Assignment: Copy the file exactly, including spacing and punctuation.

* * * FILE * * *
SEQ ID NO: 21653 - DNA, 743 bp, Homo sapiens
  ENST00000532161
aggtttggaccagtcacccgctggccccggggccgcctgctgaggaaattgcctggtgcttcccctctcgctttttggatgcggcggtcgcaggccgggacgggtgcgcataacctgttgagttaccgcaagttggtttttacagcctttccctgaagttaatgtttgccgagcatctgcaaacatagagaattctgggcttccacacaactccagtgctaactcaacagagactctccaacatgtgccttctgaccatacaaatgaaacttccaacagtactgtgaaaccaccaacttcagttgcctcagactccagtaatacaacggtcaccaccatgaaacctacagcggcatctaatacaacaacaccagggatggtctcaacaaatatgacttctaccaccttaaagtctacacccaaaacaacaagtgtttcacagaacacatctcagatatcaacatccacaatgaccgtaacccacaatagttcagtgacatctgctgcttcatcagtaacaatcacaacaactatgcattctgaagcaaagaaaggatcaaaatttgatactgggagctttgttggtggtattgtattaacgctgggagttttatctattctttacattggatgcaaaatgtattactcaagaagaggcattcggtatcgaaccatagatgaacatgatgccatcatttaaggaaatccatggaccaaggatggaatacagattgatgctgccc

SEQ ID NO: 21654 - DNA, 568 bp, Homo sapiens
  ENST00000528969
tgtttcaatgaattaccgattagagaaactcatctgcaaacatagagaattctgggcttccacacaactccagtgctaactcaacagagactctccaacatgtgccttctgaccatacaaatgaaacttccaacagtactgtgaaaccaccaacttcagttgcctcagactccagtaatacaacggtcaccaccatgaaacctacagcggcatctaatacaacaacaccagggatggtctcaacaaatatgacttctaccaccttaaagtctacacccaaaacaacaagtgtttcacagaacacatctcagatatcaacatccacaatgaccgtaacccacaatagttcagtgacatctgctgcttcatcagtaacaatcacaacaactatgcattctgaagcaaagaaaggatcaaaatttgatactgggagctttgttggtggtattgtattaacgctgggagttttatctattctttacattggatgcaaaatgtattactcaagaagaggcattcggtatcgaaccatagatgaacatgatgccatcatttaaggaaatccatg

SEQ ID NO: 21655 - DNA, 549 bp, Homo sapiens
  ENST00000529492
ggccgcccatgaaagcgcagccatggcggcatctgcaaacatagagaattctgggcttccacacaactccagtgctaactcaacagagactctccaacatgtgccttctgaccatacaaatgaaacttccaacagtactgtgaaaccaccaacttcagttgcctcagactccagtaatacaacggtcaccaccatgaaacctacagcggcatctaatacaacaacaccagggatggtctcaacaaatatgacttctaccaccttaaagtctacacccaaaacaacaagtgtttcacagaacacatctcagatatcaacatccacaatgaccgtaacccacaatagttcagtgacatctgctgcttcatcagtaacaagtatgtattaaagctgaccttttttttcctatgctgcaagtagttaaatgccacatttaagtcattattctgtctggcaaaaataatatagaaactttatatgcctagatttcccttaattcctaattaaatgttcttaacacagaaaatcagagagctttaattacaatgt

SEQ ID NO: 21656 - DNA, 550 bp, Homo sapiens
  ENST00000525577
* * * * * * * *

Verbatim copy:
SEQ ID NO: 21653 - DNA, 743 bp, Homo sapiens
  ENST00000532161
aggtttggaccagtcacccgctggccccggggccgcctgctgaggaaattgcctggtgcttcccctctcgctttttggatgcggcggtcgcaggccgggacgggtgcgcataacctgttgagttaccgcaagttggtttttacagcctttccctgaagttaatgtttgccgagcatctgcaaacatagagaattctgggcttccacacaactccagtgctaactcaacagagactctccaacatgtgccttctgaccatacaaatgaaacttccaacagtactgtgaaaccaccaacttcagttgcctcagactccagtaatacaacggtcaccaccatgaaacctacagcggcatctaatacaacaacaccagggatggtctcaacaaatatgacttctaccaccttaaagtctacacccaaaacaacaagtgtttcacagaacacatctcagatatcaacatccacaatgaccgtaacccacaatagttcagtgacatctgctgcttcatcagtaacaatcacaacaactatgcattctgaagcaaagaaaggatcaaaatttgatactgggagctttgttggtggtattgtattaacgctgggagttttatctattctttacattggatgcaaaatgtattactcaagaagaggcattcggtatcgaaccatagatgaacatgatgccatcatttaaggaaatccatggaccaaggatggaatacagattgatgctgccc

SEQ ID NO: 21654 - DNA, 568 bp, Homo sapiens
  ENST00000528969
tgtttcaatgaattaccgattagagaaactcatctgcaaacatagagaattctgggcttccacacaactccagtgctaactcaacagagactctccaacatgtgccttctgaccatacaaatgaaacttccaacagtactgtgaaaccaccaacttcagttgcctcagactccagtaatacaacggtcaccaccatgaaacctacagcggcatctaatacaacaacaccagggatggtctcaacaaatatgacttctaccaccttaaagtctacacccaaaacaacaagtgtttcacagaacacatctcagatatcaacatccacaatgaccgtaacccacaatagttcagtgacatctgctgcttcatcagtaacaatcacaacaactatgcattctgaagcaaagaaaggatcaaaatttgatactgggagctttgttggtggtattgtattaacgctgggagttttatctattctttacattggatgcaaaatgtattactcaagaagaggcattcggtatcgaaccatagatgaacatgatgccatcatttaaggaaatccatg

SEQ ID NO: 21655 - DNA, 549 bp, Homo sapiens
  ENST00000529492
ggccgcccatgaaagcgcagccatggcggcatctgcaaacatagagaattctgggcttccacacaactccagtgctaactcaacagagactctccaacatgtgccttctgaccatacaaatgaaacttccaacagtactgtgaaaccaccaacttcagttgcctcagactccagtaatacaacggtcaccaccatgaaacctacagcggcatctaatacaacaacaccagggatggtctcaacaaatatgacttctaccaccttaaagtctacacccaaaacaacaagtgtttcacagaacacatctcagatatcaacatccacaatgaccgtaacccacaatagttcagtgacatctgctgcttcatcagtaacaagtatgtattaaagctgaccttttttttcctatgctgcaagtagttaaatgccacatttaagtcattattctgtctggcaaaaataatatagaaactttatatgcctagatttcccttaattcctaattaaatgttcttaacacagaaaatcagagagctttaattacaatgt

SEQ ID NO: 21656 - DNA, 550 bp, Homo sapiens
  ENST00000525577